Being overweight or obese following breast cancer diagnosis can increase cancer recurrence and mortality, so effective interventions for weight loss in this group could enhance survival. A pilot randomised controlled trial was conducted to assess whether a weight loss programme comprising generic Weight Watchers® referral offered to women treated for breast cancer with or without additional breast cancer-tailored dietetic support is feasible and shows promise for improving weight and quality of life (QoL).
Participants were randomly allocated to 3 groups: Weight Watchers® referral (for 12 sessions of meetings and digital tools) plus 5 breast cancer-tailored dietitian-led group support sessions (WW Plus: n = 14), Weight Watchers® referral only (WW: n = 16) or control (Weight Watchers® referral after 3 months, n = 15). Feasibility was assessed based on retention rate, recruitment and randomisation process, meeting attendance, suitability of the setting and outcome measurement tools, unintended consequences, cost and observations of the dietetic sessions. Outcomes were measured at 0, 3 (‘trial exit’) and 12 months post intervention.
The response rate to the invitation was 43% (140/327) of whom 58 were eligible and 45 (median age 61.0 years; body mass index 30.2 kg/m2) were randomised. Data from 38 (84%) and 30 (67%) participants were available at trial exit and 12 months respectively. Feasibility issues included slow recruitment process, lack of blinding throughout, weighing scales not measuring > 150 kg, lack of clear instructions for completing QoL questionnaire and workload and time pressures in delivering dietetic sessions. Participants had good attendance rate at group meetings and no serious unintended consequences were reported. WW Plus was most expensive to run. Mean (95% CI) weight change at trial exit was − 3.67 kg (− 5.67, − 2.07) in WW Plus, − 6.03 kg (− 7.61, − 4.44) in WW group and + 0.19 kg (− 1.45, + 1.83) in control group. About 40% of the WW Plus, 64% of the WW group and 56% of the control group lost ≥ 5% of their baseline weight by 12 months. All groups showed promise for improving QoL at trial exit but only the WW group maintained significant improvements from baseline at 12 months.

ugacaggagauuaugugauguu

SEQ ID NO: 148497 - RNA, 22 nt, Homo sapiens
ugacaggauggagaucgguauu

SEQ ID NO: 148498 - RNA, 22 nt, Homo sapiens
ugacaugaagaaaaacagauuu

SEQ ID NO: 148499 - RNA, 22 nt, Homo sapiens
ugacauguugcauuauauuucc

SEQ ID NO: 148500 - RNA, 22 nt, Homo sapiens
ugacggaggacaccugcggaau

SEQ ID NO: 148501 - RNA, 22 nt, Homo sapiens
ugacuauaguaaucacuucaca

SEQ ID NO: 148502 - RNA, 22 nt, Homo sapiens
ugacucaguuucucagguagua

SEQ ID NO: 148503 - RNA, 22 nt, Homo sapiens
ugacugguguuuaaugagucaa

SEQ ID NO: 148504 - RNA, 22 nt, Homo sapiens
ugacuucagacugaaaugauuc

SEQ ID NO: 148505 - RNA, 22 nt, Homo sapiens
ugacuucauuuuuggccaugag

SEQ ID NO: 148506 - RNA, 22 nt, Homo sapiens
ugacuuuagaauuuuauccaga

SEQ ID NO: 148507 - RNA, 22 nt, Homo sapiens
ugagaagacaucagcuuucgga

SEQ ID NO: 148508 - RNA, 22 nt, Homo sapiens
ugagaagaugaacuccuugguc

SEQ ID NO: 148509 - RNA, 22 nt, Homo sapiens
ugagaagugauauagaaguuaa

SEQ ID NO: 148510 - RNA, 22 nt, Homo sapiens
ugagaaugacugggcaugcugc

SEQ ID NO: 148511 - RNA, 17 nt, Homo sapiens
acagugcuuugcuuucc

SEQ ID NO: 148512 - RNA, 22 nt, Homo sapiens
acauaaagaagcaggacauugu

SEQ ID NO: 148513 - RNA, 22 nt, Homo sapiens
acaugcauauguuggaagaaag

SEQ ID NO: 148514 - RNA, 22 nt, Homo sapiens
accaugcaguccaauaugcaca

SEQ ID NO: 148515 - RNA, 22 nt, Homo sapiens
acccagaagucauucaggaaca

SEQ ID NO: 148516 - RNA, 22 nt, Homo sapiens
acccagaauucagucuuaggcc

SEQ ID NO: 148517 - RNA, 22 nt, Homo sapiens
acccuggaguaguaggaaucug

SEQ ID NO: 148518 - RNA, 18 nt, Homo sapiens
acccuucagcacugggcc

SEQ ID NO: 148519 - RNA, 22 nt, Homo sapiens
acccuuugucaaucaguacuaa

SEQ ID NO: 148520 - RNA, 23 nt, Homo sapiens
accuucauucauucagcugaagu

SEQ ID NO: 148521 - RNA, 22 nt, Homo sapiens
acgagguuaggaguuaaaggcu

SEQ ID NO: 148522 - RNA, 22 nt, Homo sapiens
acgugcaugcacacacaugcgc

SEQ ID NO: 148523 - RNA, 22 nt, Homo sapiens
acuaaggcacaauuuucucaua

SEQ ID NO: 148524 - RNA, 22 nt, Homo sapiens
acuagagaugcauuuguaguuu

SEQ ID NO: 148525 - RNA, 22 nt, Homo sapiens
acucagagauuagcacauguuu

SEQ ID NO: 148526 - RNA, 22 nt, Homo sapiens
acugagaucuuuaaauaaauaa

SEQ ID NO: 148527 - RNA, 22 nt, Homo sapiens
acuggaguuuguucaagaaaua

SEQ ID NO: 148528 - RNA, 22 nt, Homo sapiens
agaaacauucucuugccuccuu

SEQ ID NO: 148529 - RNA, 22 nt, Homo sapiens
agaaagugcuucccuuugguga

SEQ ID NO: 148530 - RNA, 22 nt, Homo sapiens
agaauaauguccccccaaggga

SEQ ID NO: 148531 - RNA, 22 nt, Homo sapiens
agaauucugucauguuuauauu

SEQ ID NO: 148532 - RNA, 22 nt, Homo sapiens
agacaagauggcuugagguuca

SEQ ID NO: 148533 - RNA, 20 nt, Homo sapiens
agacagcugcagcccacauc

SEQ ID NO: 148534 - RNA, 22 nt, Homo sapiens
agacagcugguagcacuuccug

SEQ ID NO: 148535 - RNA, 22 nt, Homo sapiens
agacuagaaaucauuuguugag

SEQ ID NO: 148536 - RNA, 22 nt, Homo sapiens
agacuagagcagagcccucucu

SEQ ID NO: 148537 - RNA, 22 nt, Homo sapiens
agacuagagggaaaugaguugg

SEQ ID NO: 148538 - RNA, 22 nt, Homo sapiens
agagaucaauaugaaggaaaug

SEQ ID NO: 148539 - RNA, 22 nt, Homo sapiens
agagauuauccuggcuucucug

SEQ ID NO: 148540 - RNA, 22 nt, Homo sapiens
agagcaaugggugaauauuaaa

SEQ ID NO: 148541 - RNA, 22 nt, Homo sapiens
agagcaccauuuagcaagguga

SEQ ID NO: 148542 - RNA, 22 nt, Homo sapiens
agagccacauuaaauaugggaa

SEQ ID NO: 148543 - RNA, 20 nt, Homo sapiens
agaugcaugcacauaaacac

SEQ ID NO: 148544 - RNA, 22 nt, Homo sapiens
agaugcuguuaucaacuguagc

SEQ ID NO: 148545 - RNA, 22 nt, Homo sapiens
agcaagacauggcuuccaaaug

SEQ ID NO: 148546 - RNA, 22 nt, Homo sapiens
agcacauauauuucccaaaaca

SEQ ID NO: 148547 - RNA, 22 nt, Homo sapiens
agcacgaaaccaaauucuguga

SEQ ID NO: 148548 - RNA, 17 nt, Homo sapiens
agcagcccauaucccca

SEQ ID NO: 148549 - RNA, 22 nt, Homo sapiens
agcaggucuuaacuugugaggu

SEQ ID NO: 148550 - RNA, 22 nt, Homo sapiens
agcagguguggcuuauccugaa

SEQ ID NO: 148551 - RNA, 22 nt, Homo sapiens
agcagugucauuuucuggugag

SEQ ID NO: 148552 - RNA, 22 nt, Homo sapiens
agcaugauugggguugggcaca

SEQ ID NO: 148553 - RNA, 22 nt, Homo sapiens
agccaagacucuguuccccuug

The trial procedures were feasible, with some modifications. This pilot trial indicates the benefits of providing free WW vouchers for weight loss maintenance and improving QoL but provided no evidence that including additional dietetic support would add any extra value. Further research with WW with long-term follow-up should be undertaken to assess weight loss sustainability and benefit on health outcomes in this patient group.
- Breast cancer
- Weight loss
- Weight Watchers
- Group support
- Pilot trial